‘Prevention is better than cure.’ A statement we have all heard, but one that resonates so much more deeply in the midst of the coronavirus climate. There have been numerous advancements in medicine and technology. It is no surprise that people question how far society has truly advanced in these areas when severe environmental factors occur for several months, and when pandemics arise.
Prevention is crucial in delivering population-wide health outcomes because it helps to reduce the pressure on health care facilities and prevent ill-health. It is evident that prevention involves making sacrifices, whether that be physical distancing or taking a yearly flu shot. When we look at the time when issues such as maternal and child health or creating safer work conditions were more pertinent, there was an element in prevention involved to have the improvements that are present today.
I recall the SARS pandemic in 2003. As a young girl in primary school, there were changes to our hygiene procedures and cleanliness habits. It was a period of time when a cough from a classmate attracted fearful glances and early dismissals. Nearly 18 years later, I find myself reliving similar circumstances. There have been so many changes to our daily routines that we have forgotten what ‘normal’ looks like. Attendants in grocery stores sanitizing baskets before use and large dots placed on the floor in businesses to prevent close contact My work roster has been divided into two teams to prevent any potential spreading of the virus etc. Perhaps we can never return to what normalcy usually resembles; rather, it will be about adjusting to a new normal.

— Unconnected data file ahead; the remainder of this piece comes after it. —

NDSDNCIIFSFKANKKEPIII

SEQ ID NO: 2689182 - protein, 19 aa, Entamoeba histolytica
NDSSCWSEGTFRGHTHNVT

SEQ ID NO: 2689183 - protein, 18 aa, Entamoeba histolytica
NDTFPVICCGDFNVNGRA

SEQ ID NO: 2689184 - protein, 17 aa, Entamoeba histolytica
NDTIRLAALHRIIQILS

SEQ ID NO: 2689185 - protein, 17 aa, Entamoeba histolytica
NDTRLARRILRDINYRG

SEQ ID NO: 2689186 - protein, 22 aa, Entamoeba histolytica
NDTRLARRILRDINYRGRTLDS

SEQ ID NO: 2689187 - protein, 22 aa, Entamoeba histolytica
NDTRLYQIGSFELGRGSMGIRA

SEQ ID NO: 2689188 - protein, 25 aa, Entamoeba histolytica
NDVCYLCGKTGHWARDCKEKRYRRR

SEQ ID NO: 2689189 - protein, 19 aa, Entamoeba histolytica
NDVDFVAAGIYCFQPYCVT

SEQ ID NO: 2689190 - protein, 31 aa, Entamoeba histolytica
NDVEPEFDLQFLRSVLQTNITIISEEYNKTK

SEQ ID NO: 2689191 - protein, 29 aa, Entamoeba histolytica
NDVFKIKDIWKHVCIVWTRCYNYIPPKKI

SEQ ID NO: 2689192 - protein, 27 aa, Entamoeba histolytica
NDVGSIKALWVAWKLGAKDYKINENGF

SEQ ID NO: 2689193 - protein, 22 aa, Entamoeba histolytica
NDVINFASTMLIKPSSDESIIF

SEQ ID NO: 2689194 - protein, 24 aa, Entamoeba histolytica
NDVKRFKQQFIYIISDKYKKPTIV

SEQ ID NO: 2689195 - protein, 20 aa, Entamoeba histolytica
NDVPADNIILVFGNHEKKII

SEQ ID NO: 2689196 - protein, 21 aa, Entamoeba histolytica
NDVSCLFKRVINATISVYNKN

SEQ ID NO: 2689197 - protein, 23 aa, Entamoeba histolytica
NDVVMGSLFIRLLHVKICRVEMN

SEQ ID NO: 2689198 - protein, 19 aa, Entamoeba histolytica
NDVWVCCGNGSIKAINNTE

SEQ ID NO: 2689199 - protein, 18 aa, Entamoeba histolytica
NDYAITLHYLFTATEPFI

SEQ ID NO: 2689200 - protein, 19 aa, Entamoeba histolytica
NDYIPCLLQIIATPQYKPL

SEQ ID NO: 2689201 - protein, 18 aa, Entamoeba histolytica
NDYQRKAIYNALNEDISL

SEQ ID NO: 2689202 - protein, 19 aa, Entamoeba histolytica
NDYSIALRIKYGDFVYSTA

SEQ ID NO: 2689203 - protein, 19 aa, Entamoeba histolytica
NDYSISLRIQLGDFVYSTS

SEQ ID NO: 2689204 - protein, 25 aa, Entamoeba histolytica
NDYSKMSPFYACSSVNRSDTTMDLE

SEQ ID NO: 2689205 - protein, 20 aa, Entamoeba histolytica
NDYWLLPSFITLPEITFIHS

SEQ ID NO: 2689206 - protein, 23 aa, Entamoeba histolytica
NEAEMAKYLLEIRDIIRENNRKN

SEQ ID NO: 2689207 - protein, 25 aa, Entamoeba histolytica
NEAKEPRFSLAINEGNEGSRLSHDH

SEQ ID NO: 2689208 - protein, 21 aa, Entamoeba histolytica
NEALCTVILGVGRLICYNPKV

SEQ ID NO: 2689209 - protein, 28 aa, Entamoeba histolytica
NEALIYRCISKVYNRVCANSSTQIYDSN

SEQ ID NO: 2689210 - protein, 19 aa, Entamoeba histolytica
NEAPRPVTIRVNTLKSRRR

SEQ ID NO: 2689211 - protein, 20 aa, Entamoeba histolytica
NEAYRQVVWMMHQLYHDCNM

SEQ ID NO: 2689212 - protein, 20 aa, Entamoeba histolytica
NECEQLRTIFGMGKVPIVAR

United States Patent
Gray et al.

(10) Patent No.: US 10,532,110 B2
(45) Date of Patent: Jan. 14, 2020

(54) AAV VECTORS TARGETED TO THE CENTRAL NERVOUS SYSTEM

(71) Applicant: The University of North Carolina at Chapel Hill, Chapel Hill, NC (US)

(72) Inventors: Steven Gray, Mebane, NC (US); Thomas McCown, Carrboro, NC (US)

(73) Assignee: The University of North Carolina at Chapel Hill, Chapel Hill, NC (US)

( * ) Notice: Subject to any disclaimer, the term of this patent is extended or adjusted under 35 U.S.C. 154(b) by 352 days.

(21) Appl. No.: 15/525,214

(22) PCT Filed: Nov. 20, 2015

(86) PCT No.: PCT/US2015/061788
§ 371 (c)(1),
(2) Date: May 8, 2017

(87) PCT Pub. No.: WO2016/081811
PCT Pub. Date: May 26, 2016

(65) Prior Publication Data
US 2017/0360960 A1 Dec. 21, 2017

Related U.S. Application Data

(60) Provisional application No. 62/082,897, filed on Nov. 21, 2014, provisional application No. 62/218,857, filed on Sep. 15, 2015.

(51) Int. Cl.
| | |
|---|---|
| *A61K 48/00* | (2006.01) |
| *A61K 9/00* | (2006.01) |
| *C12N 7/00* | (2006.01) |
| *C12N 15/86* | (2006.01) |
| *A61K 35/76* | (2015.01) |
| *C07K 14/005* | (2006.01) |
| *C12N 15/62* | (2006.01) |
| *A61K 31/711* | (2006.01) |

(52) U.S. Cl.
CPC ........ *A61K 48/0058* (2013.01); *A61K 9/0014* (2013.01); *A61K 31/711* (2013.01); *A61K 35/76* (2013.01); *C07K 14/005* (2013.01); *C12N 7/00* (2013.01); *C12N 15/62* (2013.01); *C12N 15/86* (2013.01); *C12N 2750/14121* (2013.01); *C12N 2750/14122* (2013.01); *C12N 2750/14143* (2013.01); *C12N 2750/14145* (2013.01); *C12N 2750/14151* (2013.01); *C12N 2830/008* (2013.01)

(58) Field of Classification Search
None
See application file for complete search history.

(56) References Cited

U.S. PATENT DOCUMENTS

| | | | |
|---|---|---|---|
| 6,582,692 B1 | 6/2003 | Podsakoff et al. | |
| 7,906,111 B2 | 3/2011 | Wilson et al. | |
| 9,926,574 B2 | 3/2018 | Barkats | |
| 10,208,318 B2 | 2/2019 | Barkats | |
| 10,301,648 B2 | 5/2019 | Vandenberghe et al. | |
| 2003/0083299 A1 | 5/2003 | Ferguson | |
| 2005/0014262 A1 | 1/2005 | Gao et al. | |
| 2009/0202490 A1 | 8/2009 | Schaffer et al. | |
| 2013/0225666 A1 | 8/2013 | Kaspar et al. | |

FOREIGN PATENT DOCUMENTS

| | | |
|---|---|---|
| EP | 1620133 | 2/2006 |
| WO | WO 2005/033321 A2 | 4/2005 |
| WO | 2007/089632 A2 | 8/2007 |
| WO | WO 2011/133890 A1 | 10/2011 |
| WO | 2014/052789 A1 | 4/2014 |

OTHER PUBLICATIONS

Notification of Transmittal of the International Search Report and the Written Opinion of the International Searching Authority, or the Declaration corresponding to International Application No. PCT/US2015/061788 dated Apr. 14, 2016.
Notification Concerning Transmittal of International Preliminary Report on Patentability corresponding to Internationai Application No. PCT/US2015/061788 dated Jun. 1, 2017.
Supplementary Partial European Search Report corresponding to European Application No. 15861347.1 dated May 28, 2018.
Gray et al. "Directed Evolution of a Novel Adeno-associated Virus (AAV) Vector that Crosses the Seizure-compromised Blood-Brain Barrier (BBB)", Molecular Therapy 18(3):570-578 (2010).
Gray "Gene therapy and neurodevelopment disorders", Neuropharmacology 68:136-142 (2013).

It is my belief that in order for prevention to become a more intrinsic element of the wider social policy we need to have a host of forums where people of various backgrounds can be educated more about better health outcomes. It is not enough to only have poster campaigns because they do not take into account different perspectives. There are still varying opinions on vaccinations and modern medicine as a whole. Unless we are able to come together as a group to communicate ideas and share knowledge it will make it much harder for Australia’s effort on prevention to advance. Additionally, implementing more programs that promote and protect health will assist people in making healthier choices and to lead healthier lives. The aim should be to ‘move the needle forward’ because you risk staying stuck in a cycle of trying to get people to engage in prevention practices.
In terms of a successful 10-year prevention strategy, it is my opinion that success would depend on a continuous implementation of prevention measures such as health promotion forums where people can have open discussions about preventing serious health crises. Evidently, the recent climate has shown that common practices such as hand washing need to be continued even after the pandemic subsides. Success would also be dependent on involving the public more in developing policies. This would foster more inclusivity from the public and move away from decisions being made for people instead of with people.